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  #15  
Old 12-06-2018, 04:43 AM
johnmcdonnell johnmcdonnell is offline
 
Join Date: Apr 2008
Location: Yardley, PA
Posts: 16
Default Positioning the Wedge

Quote:
Originally Posted by Plummit View Post
So where on the aileron do you tape the wedge? Towards the root or tip, front or rear (trailing edge).

-Marc
Marc,

I don't think the positioning laterally (towards root or tip) matters much since the purpose is to move the entire aileron. However I chose to put the wedge laterally toward the center of the trailing edge of the aileron on the bottom of the light wing, straddling one of the stiffeners of the aileron.

Orientation front to back the wedge is positioned with the thick portion of the wedge aligned with the underside of trailing edge of the aileron.


As previously mentioned, putting the wedge on the underside of the light wing may seem counter-intuitive (at least it was to me initially), but this is indeed the correct position. i.e. For a heavy left wing causing the plane to bank left, the wedge goes on the underside of the right wing aileron.

In taping the wedge to the aileron I chose to tape over the entire wedge, as opposed to using double sided tape or permanently mounting it with epoxy or silicone seal as other posters have mentioned in other threads.

i.e. The tape starts about a quarter inch in front of the thin portion of the wedge on the underside of the aileron to make a smooth transition from the aileron to the wedge. The tape then extends over the thick part of the wedge terminating on the top side of the aileron with about a quarter inch of tape showing on the top edge of the aileron. Thus the entire balsa wedge is enclosed in tape and protected from the elements.

Is this clear? I'd take a picture but as I mentioned in a previous post the repair is virtually invisible with the white Gorilla tape closely matching the white paint of the aileron.
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  #16  
Old 12-06-2018, 05:12 AM
bobnoffs bobnoffs is offline
 
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i have used a wedge on a different type of plane to trim it and i put the wedge over an underlying structural part of the aileron. it is exerting force.
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  #17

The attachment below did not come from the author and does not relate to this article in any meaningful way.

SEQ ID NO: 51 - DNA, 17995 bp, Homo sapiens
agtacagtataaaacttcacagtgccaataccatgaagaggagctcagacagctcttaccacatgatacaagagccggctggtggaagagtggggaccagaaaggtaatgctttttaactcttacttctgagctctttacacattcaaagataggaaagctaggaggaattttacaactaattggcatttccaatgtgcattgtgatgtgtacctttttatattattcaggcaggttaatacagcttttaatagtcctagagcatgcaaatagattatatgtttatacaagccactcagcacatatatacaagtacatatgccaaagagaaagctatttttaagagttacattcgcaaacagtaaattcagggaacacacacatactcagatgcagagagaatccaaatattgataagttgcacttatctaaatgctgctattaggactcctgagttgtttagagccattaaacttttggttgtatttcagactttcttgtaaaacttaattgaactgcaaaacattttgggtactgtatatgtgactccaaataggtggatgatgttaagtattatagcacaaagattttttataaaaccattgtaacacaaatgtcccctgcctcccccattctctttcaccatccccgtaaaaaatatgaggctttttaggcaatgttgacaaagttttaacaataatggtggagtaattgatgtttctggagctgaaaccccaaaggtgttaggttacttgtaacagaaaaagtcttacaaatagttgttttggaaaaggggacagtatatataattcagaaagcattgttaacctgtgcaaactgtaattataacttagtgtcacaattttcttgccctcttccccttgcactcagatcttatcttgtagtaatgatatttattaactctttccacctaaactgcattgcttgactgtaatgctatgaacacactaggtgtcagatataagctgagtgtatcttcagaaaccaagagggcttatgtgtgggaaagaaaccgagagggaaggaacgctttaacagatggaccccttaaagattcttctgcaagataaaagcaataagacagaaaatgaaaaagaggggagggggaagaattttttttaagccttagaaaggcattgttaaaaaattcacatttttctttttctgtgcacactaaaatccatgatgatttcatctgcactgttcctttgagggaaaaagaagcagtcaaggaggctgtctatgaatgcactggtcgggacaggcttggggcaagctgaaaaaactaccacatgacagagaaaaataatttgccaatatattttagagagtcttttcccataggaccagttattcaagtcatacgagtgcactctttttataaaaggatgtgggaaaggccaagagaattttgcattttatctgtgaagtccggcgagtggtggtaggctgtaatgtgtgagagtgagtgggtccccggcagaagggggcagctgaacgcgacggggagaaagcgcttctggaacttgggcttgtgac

Old 12-06-2018, 06:03 AM
Tom Martin Tom Martin is offline
 
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Location: Ontario, Canada
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Bob Turner laid this out in post #2. Add point number five, that the elevator has to be set in the neutral position.
Before you try wedges etc, raise the flaps up all the way by adjusting the linkage. Do the ailerons line up with the flaps? If not then adjust them. Do the wingtips line up with the ailerons? I suspect you will find one, or both wing tips are not lined up.
Some have used the jig and it works fine, but it did not in your case. The jig is definitely used to set the aileron bell crank in the correct location

Please take the time to try this method
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  #18  
Old 12-06-2018, 06:33 AM
BillL BillL is offline
 
Join Date: Sep 2007
Location: Central IL
Posts: 4,929
Default Wedges, tabs, and straws.

Excellent help here and I only have two heavy wings repaired so a novice. In my 7 journey, I read about the straw trick. This is just for debugging and interest. The post said to use a coffee stirring straw, plastic, start with 4" long. Tape it parallel to the TE back about 1/2-3/4" from the edge. Use some thin tape, but masking works just as well. Put it under the light aileron. Middle- end, it does not matter, but I liked the middle. It worked for rudder yaw and aileron/heavy wing debugging to ensure the plane flew straight with it installed. It was pretty effective and easier than making a wedge or tab for experimentation.